University of Chicago law professor Tom Ginsburg also serves as faculty director of the school's Forum for Free Inquiry and Expression, which launched the day before Hamas' Oct. 7 attack on Israel unleashed a firestorm of campus protests — and a rash of antisemitic and Islamophobic incidents at schools across the country. Ginsburg spoke with PRovoke Media about the vitriol threatening campus life, universities' role in managing discord and why it's okay to "just be quiet." An edited transcript:

You are the faculty director of the University of Chicago’s Forum for Free Inquiry and Expression. Please tell us about the forum and its purpose.

The Forum for Free Inquiry and Expression is a new initiative that the university developed under President Paul Alivisatos to take forward our 130-year-old tradition of promoting free and open discourse to meet the challenges of the current era. It’s to deepen understanding and practice of free speech.

Has the forum played any particular role in moderating the discord that has occurred on campuses around the Hamas-Israel war?

We happened to launch on Oct. 6 and woke up the next day to this new environment. So, it’s not like we have an established program that we can deploy, though I have given a couple of lectures on the conflict and speech in this environment. We are trying to educate people on the underlying issue.

But in a couple of ways we (UChicago)were well-prepared as all these things about universities’ statements, presidents’ statements emerged.  We have a longstanding policy that the university is just not supposed to speak out. We are somewhat advantaged in that way and some schools are looking to us as a model.

Why is there such a policy in place, particularly as organizations are increasingly being expected to take stands on political and social issues?

In general, we of course can express empathy with our students, tell them about the resources available to them. But the vision of the Kalven Report is that you can do that, but you shouldn’t take positions on issues of the day. 

The basic idea of the report is who is the “we” the leadership would be speaking for? Our “we” is plural. We don’t allow our leaders to impose orthodoxy. Our contention is you would be squelching the incentive to inquire among faculty and students. It doesn’t mean the university is neutral. It means that the position of the university consists of what is said by its body of citizens and members rather than a moral authority.

While the attacks on Israel and ensuing war were a shock, should we be surprised at the kind of discord and vitriol playing out on campuses around it?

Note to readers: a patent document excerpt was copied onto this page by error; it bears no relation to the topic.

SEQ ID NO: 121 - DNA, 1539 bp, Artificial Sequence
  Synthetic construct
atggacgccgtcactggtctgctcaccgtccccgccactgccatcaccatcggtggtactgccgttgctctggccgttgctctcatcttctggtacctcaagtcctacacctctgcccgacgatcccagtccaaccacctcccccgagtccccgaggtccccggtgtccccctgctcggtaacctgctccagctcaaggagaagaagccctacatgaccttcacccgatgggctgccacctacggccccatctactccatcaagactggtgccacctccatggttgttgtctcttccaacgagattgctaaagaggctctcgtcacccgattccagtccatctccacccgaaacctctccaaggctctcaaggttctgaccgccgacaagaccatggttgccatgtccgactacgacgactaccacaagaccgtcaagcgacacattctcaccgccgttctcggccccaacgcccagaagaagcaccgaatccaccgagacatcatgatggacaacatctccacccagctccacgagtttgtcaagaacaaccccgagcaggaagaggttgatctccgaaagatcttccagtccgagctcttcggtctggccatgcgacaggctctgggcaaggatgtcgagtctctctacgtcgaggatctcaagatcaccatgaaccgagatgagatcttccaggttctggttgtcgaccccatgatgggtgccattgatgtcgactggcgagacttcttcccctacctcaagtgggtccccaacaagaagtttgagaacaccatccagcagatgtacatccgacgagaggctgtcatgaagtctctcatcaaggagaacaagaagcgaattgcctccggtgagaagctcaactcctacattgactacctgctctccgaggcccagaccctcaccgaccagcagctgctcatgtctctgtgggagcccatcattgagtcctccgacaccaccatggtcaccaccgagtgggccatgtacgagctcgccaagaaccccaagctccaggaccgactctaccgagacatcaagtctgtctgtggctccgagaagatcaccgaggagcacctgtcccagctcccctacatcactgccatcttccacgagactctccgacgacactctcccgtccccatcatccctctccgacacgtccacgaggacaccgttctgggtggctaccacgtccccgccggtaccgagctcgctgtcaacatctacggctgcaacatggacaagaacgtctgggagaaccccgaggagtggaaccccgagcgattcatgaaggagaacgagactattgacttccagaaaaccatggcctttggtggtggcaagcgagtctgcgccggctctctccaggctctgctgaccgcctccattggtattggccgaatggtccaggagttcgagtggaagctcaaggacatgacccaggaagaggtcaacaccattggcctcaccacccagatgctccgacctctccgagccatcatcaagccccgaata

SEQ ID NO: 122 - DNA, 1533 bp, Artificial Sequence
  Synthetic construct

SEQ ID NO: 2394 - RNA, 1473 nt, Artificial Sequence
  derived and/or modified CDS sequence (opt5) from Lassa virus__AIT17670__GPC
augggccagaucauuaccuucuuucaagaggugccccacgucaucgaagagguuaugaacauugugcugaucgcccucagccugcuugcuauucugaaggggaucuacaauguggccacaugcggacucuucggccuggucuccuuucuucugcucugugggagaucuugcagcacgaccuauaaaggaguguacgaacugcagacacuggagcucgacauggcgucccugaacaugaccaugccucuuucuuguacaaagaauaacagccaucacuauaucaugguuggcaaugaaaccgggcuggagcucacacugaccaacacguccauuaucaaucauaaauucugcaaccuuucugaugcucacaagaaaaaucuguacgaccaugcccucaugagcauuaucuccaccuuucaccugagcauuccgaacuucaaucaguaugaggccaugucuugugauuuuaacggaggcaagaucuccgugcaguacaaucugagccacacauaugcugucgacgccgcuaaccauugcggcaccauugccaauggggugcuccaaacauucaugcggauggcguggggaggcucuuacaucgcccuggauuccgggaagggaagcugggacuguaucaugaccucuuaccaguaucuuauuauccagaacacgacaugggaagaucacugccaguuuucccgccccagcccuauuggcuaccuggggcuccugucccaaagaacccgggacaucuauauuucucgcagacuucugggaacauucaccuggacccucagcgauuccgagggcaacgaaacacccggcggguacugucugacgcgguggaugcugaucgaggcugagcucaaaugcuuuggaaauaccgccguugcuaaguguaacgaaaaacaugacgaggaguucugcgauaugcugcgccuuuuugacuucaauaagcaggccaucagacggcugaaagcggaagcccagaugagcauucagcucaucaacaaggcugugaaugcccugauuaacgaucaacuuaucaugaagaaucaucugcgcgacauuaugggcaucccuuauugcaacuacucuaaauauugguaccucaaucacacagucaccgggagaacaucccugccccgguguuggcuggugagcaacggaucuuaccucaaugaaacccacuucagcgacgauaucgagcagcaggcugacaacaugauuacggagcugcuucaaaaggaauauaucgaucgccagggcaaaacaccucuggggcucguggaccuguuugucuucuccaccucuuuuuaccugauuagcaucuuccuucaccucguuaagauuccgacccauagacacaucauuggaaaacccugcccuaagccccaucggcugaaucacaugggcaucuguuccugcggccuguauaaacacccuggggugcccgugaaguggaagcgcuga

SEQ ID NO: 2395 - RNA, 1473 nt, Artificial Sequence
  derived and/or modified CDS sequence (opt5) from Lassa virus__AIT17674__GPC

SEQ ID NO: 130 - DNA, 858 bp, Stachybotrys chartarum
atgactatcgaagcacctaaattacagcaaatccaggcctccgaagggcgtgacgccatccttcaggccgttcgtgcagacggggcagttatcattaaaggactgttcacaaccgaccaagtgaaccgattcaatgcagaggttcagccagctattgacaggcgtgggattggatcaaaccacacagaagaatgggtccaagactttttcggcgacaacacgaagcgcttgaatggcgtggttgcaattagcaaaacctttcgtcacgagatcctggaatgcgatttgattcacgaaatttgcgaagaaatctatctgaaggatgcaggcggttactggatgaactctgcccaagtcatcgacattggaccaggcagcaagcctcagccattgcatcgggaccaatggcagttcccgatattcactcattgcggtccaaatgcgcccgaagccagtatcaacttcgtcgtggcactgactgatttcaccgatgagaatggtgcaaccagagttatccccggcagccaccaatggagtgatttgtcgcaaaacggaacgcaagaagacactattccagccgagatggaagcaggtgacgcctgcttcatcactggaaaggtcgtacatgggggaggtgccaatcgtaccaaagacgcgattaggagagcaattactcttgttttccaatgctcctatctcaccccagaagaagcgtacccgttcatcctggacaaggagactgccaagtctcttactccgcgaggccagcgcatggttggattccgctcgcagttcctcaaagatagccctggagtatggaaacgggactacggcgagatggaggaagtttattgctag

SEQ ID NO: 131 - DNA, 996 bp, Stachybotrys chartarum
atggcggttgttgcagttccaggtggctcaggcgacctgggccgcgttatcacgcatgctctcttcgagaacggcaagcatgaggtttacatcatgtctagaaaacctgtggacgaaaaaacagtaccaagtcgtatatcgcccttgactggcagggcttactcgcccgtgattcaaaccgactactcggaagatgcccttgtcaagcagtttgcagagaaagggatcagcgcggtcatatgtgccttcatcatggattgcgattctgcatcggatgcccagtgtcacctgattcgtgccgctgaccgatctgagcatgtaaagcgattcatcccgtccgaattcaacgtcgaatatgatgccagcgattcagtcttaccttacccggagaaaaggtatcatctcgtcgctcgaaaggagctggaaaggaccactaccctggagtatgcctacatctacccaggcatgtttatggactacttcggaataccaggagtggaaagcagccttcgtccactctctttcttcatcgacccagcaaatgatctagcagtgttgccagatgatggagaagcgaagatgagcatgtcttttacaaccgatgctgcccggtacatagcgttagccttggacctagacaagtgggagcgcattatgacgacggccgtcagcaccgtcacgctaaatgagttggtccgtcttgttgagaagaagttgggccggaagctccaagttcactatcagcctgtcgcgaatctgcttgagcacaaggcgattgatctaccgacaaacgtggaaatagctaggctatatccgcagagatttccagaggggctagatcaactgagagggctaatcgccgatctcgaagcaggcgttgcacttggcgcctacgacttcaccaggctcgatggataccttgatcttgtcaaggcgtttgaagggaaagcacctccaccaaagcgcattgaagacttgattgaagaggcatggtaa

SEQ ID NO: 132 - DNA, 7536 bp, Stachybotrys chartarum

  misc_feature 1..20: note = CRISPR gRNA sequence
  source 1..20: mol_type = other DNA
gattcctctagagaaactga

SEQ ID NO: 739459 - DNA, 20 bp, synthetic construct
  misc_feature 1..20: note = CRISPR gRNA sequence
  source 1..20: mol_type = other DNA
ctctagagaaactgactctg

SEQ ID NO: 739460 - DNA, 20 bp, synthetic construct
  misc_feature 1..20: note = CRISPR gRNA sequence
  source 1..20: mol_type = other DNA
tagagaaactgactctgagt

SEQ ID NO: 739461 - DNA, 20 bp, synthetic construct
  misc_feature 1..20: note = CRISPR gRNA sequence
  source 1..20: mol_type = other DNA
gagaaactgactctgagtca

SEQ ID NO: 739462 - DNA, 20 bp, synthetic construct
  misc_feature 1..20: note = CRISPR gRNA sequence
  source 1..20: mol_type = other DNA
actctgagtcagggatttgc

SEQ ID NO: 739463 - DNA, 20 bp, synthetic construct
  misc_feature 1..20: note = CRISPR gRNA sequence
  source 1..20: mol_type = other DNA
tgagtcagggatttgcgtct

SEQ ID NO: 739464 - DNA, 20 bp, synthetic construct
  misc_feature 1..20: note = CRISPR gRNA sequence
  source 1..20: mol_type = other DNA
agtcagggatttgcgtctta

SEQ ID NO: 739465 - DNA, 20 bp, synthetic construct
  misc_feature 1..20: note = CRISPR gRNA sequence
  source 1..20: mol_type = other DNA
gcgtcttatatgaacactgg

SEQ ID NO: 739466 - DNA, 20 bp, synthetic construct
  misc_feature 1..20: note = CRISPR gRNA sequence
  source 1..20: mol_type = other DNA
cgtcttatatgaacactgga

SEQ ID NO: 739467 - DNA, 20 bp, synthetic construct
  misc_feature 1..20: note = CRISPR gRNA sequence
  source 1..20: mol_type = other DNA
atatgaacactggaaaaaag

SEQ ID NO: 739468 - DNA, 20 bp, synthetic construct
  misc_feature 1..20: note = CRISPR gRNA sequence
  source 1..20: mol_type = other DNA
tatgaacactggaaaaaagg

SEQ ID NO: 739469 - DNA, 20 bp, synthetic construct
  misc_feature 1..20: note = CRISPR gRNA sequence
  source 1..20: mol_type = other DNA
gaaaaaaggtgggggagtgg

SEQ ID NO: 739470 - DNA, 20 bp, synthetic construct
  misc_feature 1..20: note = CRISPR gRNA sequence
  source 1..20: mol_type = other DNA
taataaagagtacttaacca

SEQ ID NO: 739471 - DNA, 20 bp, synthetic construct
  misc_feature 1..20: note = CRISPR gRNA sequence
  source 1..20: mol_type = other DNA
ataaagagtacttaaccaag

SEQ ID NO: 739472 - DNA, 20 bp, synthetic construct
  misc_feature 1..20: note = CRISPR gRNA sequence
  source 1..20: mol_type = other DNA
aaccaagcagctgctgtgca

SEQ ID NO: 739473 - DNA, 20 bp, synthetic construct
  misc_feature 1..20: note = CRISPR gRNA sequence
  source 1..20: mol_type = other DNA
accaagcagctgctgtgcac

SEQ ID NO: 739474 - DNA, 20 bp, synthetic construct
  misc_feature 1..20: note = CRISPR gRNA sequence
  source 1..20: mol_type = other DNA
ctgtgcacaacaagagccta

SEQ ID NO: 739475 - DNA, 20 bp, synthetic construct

This conflict has led to a crisis over free speech. In some sense, I feel like what’s happened in the last month, which is very restrictive of free expression, is the culmination of years of buildup, where students’ feelings are super important. We recognize that is a genuine concern. But the impulse to suppress free speech because it might hurt someone’s feelings is fully evident.

What’s interesting is that most of the repression has been on the left, which (in the past) has wanted to repress others in the interest of feelings and such. This was reflected in the idea that we were going to get someone canceled or fired for public speech or perhaps mischaracterizing something in scholarship. That’s been going on from both sides for about a decade. And certainly, some of the younger people who have much more pro-Palestinian views are experiencing the repression they were promoting. That is part of cancel culture.

Where do you draw the line between free speech and hate speech?

What’s antisemitism? What’s Islamophobia? These are not self-defining terms and people have different views on them — and what the line is open to public debate. Having people have actual conversations is ultimately the goal. We have to figure this out, to model how people can talk about different points of view and give people skills in listening and communicating with people in a non-violent way. That doesn’t happen on its own.

What is the role of universities in drawing that line?

Free expression is a misnomer. You actually have to build structures so that can happen. I am worried if universities don’t build cultures of free expression, not only won’t we have general knowledge, but we won’t be equipping adults to go out in the workplace and work with people who have differing points of view. Universities also have a special duty to allow students to make mistakes to test ideas out with the stakes being relatively low. I think we have to reintroduce that.

Why is this topic spurred such virulent divisions among students?

There are two issues. There is the underlying conflict in Israel and Palestine, and that’s where people feel like it’s a zero-sum game, in which we have to pick our team. As someone who has studied the conflict for 30 years, my view is there is plenty of blame to go around, but people are not willing to say that.  The other problem is that everyone feels the need to weigh in on every issue.  This is a conflict that dates back more than 120 years and is 6,000 miles away, that few people really understand. It is a dangerous position to say “silence is violence” here.

Most people in universities should have the epistemic humility to just be quiet. You don’t have to tweet. You don’t have to take legal terms like “genocide” and “terrorist” and pretend you have something original to say about them. People should be more in a posture of learning, but that’s not what the culture is today. Moving outside of this issue, I find the idea that everyone has an opinion about everything a bit problematic: it tends to lead to argument rather than actual learning.  If we don’t get this right, no one is going to say anything or learn anything and then we’re doomed as a society.